Remembering the Life of Simon Kahquados

Dec 12, 2018

Simon Onanguisse Kahquados (1851-1930) of Forest County, Wisconsin, the last hereditary chief of the Potowatomi. This image is part of an exhibit about Native Americans prepared by Paul Vanderbilt, the Wisconsin Historical Society's first curator of photography.
Credit Wisconsin Historical Society, Image ID: 24374, wisconsinhistory.org

Not all of our history includes fond memories. This week on a Northwoods Moment in History, Gary Entz reminds us of the way Native Americans were treated in the Great Lakes Region in the 19th century, and of a man named of Simon Kahquados.

The Potawatomi have lived in the Great Lakes region for more than four centuries.  The tribe originally held territory in Michigan but relocated to the Door County Peninsula in Wisconsin due to pressure from the Iroquois during the Beaver Wars of the 17th Century.  The tribe expanded around Lake Michigan after 1800, but in Wisconsin much of the land the Potawatomi held overlapped with land the Menominee claimed.  In 1831 the Menominee signed the Treaty of Washington that ceded 3 million acres to the federal government.  Government officials wanted the Lake Michigan shoreline, but much of that land belonged to the Potawatomi.  It didn’t matter as the federal government came in and took the land from the Potawatomi without compensation.

This was the era of Indian Removal, and after the 1833 Treaty of Chicago many Potawatomi were forcibly removed west to Indian Territory.  This is known in history as the “Potawatomi Trail of Death.”  Nevertheless, a band of Potawatomi held on in Kewaunee County, Wisconsin, and it was at Black Earth Village that Simon Kahquados was born on May 18, 1851.  Kahquados came from a distinguished lineage.  One of his grandfathers is said to have been Onanguisse, the man credited with saving the life of early French explorer Robert La Salle when La Salle was starving in the woods.  It was during Kahquados’ childhood, however, that the tribe lost its last holdings in Kewaunee County.  Because the government considered the land ceded and not a reservation, a man named John Axtell took out a tax deed against the Potawatomi land and claimed ownership.  The tribe was forced off the land in 1862 and became refugees.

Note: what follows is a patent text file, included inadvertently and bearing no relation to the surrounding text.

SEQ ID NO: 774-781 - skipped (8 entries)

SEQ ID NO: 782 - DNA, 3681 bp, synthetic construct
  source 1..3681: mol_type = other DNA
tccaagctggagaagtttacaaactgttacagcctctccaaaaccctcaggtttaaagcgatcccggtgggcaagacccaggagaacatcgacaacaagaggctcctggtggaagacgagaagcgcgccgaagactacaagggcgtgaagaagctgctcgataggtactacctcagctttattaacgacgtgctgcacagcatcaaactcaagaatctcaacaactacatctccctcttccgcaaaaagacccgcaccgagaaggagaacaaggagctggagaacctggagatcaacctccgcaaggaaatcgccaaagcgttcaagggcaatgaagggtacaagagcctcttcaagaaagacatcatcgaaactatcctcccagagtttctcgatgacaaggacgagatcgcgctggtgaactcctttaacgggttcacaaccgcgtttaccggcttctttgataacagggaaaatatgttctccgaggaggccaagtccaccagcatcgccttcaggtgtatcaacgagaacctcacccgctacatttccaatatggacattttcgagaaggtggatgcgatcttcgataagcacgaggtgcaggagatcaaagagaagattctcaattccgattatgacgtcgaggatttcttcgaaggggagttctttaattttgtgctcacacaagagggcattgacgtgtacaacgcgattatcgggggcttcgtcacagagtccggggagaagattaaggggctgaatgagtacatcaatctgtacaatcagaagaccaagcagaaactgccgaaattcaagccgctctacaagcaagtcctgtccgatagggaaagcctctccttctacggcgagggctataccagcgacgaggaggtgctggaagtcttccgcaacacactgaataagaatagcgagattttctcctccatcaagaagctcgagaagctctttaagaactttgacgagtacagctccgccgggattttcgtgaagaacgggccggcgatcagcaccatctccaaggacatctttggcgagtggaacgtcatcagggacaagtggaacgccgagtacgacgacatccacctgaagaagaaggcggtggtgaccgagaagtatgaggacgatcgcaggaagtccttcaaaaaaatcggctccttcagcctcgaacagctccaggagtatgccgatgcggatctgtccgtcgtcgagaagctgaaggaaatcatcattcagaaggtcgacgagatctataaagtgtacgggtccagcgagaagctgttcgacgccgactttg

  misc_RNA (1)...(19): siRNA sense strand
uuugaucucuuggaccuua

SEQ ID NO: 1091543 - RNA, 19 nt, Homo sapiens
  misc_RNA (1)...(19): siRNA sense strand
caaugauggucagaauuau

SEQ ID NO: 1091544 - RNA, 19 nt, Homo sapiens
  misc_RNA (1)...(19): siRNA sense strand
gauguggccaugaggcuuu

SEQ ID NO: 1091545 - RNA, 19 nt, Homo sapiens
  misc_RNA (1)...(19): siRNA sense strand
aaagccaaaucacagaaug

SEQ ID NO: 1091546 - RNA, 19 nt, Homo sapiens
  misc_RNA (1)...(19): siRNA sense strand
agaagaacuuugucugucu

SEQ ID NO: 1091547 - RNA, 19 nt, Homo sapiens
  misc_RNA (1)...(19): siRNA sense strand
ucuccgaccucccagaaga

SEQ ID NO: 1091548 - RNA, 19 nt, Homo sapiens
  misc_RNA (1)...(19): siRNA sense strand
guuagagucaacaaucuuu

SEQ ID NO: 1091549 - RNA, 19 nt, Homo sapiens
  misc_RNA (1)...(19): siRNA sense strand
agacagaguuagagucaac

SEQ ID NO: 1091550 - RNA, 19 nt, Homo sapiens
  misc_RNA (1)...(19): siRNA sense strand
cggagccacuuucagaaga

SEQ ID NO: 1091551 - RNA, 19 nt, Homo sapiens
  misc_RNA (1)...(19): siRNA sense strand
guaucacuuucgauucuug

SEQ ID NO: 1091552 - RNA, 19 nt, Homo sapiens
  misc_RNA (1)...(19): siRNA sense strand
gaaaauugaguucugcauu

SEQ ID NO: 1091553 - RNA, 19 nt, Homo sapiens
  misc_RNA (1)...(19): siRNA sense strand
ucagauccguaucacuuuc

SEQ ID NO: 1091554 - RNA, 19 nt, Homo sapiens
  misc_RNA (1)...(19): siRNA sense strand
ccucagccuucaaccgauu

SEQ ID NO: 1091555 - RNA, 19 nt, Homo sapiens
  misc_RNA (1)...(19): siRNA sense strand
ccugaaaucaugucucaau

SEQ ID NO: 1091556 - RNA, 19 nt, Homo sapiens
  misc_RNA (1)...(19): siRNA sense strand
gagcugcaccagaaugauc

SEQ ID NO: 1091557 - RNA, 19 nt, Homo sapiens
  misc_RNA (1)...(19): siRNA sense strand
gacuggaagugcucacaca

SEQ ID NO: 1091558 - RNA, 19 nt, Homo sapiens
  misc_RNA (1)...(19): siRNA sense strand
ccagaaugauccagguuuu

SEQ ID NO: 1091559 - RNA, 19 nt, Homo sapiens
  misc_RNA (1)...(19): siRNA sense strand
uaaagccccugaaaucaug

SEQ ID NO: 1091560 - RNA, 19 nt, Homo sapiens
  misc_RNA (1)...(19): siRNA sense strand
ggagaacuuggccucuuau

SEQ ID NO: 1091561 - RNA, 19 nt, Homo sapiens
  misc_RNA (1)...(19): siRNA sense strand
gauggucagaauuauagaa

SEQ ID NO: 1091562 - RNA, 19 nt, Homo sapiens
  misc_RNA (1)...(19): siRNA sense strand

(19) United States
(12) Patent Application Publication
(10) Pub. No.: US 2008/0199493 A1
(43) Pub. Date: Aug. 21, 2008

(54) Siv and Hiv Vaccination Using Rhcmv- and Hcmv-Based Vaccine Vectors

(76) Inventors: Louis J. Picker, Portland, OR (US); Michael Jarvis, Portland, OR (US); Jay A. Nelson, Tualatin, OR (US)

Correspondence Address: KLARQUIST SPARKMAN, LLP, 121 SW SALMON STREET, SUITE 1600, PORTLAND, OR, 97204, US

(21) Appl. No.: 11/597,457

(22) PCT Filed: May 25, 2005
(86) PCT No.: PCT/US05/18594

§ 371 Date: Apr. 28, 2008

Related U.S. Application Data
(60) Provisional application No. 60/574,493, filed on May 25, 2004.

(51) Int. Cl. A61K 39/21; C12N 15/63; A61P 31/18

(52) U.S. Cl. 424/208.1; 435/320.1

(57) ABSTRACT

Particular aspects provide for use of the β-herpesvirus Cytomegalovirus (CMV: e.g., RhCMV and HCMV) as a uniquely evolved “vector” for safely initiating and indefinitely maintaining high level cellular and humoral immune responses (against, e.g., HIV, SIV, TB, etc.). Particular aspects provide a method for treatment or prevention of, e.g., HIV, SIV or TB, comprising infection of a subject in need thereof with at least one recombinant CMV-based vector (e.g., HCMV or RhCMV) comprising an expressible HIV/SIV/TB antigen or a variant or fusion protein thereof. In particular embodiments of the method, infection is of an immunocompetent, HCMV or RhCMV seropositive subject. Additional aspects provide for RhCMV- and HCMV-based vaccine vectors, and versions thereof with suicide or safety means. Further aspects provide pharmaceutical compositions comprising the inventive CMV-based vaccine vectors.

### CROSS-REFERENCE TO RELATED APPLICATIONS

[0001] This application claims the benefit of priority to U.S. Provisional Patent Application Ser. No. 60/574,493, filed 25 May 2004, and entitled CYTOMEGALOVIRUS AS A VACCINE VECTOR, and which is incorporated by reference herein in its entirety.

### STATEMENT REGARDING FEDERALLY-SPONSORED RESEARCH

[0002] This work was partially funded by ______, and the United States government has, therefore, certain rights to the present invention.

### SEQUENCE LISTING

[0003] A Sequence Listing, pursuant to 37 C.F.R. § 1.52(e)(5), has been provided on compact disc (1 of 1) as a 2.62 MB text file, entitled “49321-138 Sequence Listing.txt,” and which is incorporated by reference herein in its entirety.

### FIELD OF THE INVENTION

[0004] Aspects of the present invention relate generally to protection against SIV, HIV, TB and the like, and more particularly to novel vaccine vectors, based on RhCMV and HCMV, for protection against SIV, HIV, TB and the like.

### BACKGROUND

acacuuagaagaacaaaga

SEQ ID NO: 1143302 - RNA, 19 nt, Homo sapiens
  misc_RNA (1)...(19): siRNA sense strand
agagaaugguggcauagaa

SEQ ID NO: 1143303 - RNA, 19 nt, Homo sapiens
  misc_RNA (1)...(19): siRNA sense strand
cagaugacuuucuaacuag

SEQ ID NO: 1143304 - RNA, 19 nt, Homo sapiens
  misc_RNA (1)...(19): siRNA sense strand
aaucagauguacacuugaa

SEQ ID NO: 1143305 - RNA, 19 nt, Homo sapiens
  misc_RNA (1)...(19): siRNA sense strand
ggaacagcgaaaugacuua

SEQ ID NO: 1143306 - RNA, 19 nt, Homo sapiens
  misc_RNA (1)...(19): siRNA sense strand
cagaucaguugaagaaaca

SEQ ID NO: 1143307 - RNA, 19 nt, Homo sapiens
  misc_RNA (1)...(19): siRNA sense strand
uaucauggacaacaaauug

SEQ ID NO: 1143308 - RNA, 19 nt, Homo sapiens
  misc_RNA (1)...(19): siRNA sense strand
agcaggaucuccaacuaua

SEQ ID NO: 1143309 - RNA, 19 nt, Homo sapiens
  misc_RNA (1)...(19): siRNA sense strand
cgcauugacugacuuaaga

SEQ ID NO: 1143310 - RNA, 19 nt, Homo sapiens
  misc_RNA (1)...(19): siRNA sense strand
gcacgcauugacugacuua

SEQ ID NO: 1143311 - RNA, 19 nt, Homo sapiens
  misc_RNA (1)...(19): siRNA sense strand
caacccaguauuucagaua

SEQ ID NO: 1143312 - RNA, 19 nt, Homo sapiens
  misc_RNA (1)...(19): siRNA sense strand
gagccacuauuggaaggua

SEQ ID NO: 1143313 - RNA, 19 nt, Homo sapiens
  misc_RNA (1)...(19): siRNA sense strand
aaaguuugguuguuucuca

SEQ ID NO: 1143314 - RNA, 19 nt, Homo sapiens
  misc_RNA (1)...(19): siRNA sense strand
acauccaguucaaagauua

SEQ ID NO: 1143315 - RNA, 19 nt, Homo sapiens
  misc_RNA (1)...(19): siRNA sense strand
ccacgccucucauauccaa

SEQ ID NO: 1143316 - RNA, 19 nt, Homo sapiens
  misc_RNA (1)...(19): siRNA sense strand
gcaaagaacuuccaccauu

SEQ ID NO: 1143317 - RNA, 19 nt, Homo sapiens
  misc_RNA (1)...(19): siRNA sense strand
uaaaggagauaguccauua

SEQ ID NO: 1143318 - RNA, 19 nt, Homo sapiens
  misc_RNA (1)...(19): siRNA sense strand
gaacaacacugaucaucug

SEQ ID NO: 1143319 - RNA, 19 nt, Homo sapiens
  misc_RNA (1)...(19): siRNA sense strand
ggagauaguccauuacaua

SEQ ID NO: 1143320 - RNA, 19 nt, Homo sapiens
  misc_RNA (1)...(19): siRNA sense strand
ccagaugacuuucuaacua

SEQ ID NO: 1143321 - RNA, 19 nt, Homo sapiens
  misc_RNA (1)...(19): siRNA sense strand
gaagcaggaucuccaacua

A group of people pose around the casket containing the body of Chief Simon Onanguisse Kahquados at Peninsula State Park during a reburial ceremony.
Credit Wisconsin Historical Society, Image ID: 38946, wisconsinhistory.org

Simon Kahquados and many others moved north.  At the age of 18, Kahquados found work as a timber cruiser for a lumber company and later became a land surveyor.  He was self-educated, taught himself how to read and write, and became a keeper of Potawatomi tribal history.  His life’s goal, however, was to reclaim the Kewaunee County land the Potawatomi had lost.  He made numerous trips to Washington to plead the tribe’s case, but with limited success.  In 1913 federal compensation led to the purchase of reservation land in Forest County for the “Strolling Bands” of Potawatomi.  The new reservation was due to the efforts of Kahquados and others like him.

Despite a lifetime of service, Simon Kahquados was living on a government allowance of ten dollars a month when he died in a tar paper shack outside of Wabeno on Thanksgiving Day in 1930.  As per his request and befitting his standing among the Potawatomi, Kahquados was buried near his ancestors in Peninsula State Park at the base of a memorial totem pole on Memorial Day 1931.

This story was written by Gary Entz and produced for radio by Mackenzie Martin. Some music for this commentary came Podington Bear. The photos above are used with permisson from the Wisconsin Historical Society and can be found on their website here and here.

A Northwoods Moment in History is funded in part by a grant from the Wisconsin Humanities Council, with funds from the National Endowment for the Humanities and the State of Wisconsin. Any views, findings, conclusions or recommendations expressed in this project do not necessarily represent those of the National Endowment for the Humanities. The Wisconsin Humanities Council supports and creates programs that use history, culture, and discussion to strengthen community life for everyone in Wisconsin.